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Twin Peaks, South Peak
The highest points on Cabin Ridge
Oldman River Area, Alberta
October 27, 2007

Distance: 15.3 km
Cumulative Elevation Gain: 1035 m

After seeing Cabin Ridge from Sugarloaf Mountain I was intrigued with climbing it. Researching it, I learned that there was a trail originally built during seismic exploration in the area. It ascends the ridge and runs below Twin Peaks and then swings west and follows Honeymoon Creek valley to form a 21 km loop. To reach the trailhead, we had to drive 13.6 km from the junction of Oldman River Road and the Forestry Trunk Road. I had little information other than maps that indicated a route, but the views were said to be "spectacular."

We had no trouble finding the trailhead, and we started hiking up an exploration road. A couple of minutes later, we passed a junction with a gigantic cairn: four boulders stacked a few metres high. But I didn't know where the side road went, and it wasn't on any map I had.

We continued up the logging road largely through open, logged slopes. When we lost the road, I used my GPS to mark a waypoint where we could pick it up again.

To call it a "trail" would be misleading. The route was no more than a wide swath cut in the trees. We followed it easily in the trees but lost it on the open slopes. We stopped often to consult the map to try to stay on track.

At one point the trail disappeared when we reached steep rock slabs. After dropping down and bushwhacking, we were able to get back on track. By now I had lost faith in the "trail." In two hours, our long, meandering, crude route covered 4.5 km, yet we were only two kilometres from our car and we had lost 200 m of elevation! Fortunately things improved after that, and we had no difficulties in routefinding.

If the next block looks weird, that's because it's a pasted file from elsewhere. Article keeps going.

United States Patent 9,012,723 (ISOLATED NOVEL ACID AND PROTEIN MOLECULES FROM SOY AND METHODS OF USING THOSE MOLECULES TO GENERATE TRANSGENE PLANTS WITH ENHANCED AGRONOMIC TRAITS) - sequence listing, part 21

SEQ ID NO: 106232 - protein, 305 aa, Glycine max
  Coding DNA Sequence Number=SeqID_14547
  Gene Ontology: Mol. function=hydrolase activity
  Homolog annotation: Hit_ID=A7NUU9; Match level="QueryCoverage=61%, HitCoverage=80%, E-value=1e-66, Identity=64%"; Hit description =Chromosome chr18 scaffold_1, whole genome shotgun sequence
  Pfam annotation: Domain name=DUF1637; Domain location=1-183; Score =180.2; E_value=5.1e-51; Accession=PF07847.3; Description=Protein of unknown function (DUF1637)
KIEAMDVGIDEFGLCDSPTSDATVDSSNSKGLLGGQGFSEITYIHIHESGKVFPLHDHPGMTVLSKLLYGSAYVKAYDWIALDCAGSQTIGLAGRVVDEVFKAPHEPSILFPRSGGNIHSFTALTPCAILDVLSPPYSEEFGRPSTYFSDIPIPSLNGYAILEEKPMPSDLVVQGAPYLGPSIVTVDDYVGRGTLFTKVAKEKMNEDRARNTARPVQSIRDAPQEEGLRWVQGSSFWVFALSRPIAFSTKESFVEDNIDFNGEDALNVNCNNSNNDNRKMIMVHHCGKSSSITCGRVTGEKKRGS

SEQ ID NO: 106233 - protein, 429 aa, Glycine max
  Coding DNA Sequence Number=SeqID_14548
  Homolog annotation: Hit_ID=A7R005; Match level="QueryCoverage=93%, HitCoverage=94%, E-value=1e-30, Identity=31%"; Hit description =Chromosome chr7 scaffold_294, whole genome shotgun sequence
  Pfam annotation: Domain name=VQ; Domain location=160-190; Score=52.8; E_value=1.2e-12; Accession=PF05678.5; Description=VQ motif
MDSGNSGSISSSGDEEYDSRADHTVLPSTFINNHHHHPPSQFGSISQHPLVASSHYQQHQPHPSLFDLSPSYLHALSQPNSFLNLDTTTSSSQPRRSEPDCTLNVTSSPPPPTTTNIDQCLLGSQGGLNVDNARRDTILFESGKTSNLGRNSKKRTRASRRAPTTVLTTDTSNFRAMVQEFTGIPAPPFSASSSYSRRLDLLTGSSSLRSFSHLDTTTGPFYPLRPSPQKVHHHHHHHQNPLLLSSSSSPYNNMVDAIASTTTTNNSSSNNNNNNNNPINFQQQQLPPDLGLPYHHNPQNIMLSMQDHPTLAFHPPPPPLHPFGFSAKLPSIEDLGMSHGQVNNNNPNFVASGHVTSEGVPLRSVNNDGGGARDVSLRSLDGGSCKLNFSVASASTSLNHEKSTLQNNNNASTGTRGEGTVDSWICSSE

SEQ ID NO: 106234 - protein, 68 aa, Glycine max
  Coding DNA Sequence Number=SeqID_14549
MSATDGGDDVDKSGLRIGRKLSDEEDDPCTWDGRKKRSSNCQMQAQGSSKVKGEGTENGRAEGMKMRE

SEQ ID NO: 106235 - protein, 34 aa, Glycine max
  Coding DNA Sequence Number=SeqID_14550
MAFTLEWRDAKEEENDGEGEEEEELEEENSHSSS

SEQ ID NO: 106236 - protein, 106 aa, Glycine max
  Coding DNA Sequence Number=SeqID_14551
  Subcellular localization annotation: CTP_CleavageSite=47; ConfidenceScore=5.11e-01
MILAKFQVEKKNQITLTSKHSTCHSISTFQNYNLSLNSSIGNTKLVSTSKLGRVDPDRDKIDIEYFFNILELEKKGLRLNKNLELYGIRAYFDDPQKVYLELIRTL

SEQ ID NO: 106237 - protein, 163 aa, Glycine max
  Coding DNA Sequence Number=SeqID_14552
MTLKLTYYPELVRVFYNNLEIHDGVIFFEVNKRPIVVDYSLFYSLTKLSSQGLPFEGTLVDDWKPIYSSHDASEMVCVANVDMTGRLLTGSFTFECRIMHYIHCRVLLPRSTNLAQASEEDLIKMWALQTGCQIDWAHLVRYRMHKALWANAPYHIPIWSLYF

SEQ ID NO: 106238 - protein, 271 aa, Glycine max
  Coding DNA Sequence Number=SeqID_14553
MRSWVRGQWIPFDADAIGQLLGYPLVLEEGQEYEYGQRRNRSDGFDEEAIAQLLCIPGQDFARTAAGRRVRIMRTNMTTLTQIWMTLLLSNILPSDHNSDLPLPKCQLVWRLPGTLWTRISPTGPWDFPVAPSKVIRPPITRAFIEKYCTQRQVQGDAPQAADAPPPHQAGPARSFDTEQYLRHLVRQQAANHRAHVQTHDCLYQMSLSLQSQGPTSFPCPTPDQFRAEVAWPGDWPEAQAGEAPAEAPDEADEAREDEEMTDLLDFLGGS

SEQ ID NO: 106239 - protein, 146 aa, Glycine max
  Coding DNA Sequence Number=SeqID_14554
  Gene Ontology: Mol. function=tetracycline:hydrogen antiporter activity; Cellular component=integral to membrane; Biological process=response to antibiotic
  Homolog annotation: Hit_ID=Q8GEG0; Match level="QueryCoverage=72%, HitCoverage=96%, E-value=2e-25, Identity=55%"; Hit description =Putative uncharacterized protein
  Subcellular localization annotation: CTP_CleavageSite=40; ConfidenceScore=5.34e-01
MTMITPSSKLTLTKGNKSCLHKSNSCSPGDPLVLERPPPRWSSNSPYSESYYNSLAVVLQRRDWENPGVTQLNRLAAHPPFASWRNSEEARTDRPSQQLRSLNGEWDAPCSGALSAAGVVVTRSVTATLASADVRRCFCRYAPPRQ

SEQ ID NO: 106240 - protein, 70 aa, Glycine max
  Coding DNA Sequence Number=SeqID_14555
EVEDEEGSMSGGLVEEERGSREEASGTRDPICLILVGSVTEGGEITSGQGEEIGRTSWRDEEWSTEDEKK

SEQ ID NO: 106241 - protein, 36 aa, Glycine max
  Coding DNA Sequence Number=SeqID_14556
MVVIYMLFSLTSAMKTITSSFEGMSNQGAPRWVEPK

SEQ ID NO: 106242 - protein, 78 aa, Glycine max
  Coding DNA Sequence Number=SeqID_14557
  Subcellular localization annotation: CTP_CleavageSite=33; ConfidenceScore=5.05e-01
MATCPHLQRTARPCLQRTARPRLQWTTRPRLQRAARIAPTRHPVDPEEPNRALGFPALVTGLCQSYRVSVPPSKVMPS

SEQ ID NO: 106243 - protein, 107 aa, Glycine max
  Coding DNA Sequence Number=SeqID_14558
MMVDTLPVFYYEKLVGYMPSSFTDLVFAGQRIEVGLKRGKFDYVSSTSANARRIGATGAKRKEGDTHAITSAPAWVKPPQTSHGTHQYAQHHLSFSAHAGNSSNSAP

We hadn't seen any views for hours, so when we reached a viewpoint, we were glad to get a visual bearing. We could see the North Peak, but the closer South Peak was hidden.

We hiked up a ridge that ran at right angles to Cabin Ridge and led to the South Peak. Eventually we broke free of the trees and took in a majestic view of Cabin Ridge. The grade steepened as we continued climbing, and we easily scrambled up the last bit to arrive on the summit.

It was too cold and windy to stay long. After taking photos we dropped down to get out of the wind.

It would have been nice to continue to the North Peak and thus do the Twin Peaks in one day, but I was recovering from a cold and had run out of energy. Besides, we didn't have enough daylight to lose 120 m elevation and cover the 1.4 km that separated the two peaks. Also there was the matter of getting back to the car. I didn't want to retrace the first tortuous 4.5 km we did. I decided to try following a drainage that led almost directly to the car, even if it meant bushwhacking the whole way.

We followed the trail back to where it almost meets the drainage. Leaving the seismic exploration trail, we headed to the drainage where we came across a road. As it turns out, this road followed the drainage! In fact, it was the road we bypassed at the start. From where we had left the seismic exploration trail, it was only 2.2 km back to the trailhead. Had we taken it at the start I'm sure we would have saved about an hour and a half. We had followed the correct route in the morning, but this shortcut road had been built after the seismic exploration trail.

Using the more direct route to Twin Peaks, we returned a week later to bag the North Peak.

We spotted this coyote on the roadside

We lost the trail briefly here. Sugarloaf Lookout in the background.

Back on the trail

At these slabs, we mistakenly headed up the scree before realizing we had to descend to get back on the trail

Back on the trail we found an artifact

The trail is rough, but it's better than bushwhacking

Our first view of one of the Twin Peaks

North Peak (mouse over for a close-up)

We headed to the South Peak

Twin Peaks

Cache Creek Elevators (centre, mouse over). Beehive Mountain is above me.

Approaching the South Peak

Beehive Mountain (left) and Mount Lyall (left of centre)

The grade will soon steepen

Looking back at the ridge we followed

The North Peak is only about 25 m higher than the South Peak

Looking south, the white peak in the centre is Sugarloaf Lookout

Looking southeast along Cabin Ridge

On the summit

North Peak from the South Peak (mouse over for a close-up)

On the return, we left the seismic trail and headed for the drainage. Above
are the slabs that we descended from earlier in the day.

Following the road that runs alongside the drainage

The road is marked by an enormous cairn

Old route that we used on the ascent

82 J/2 Fording River

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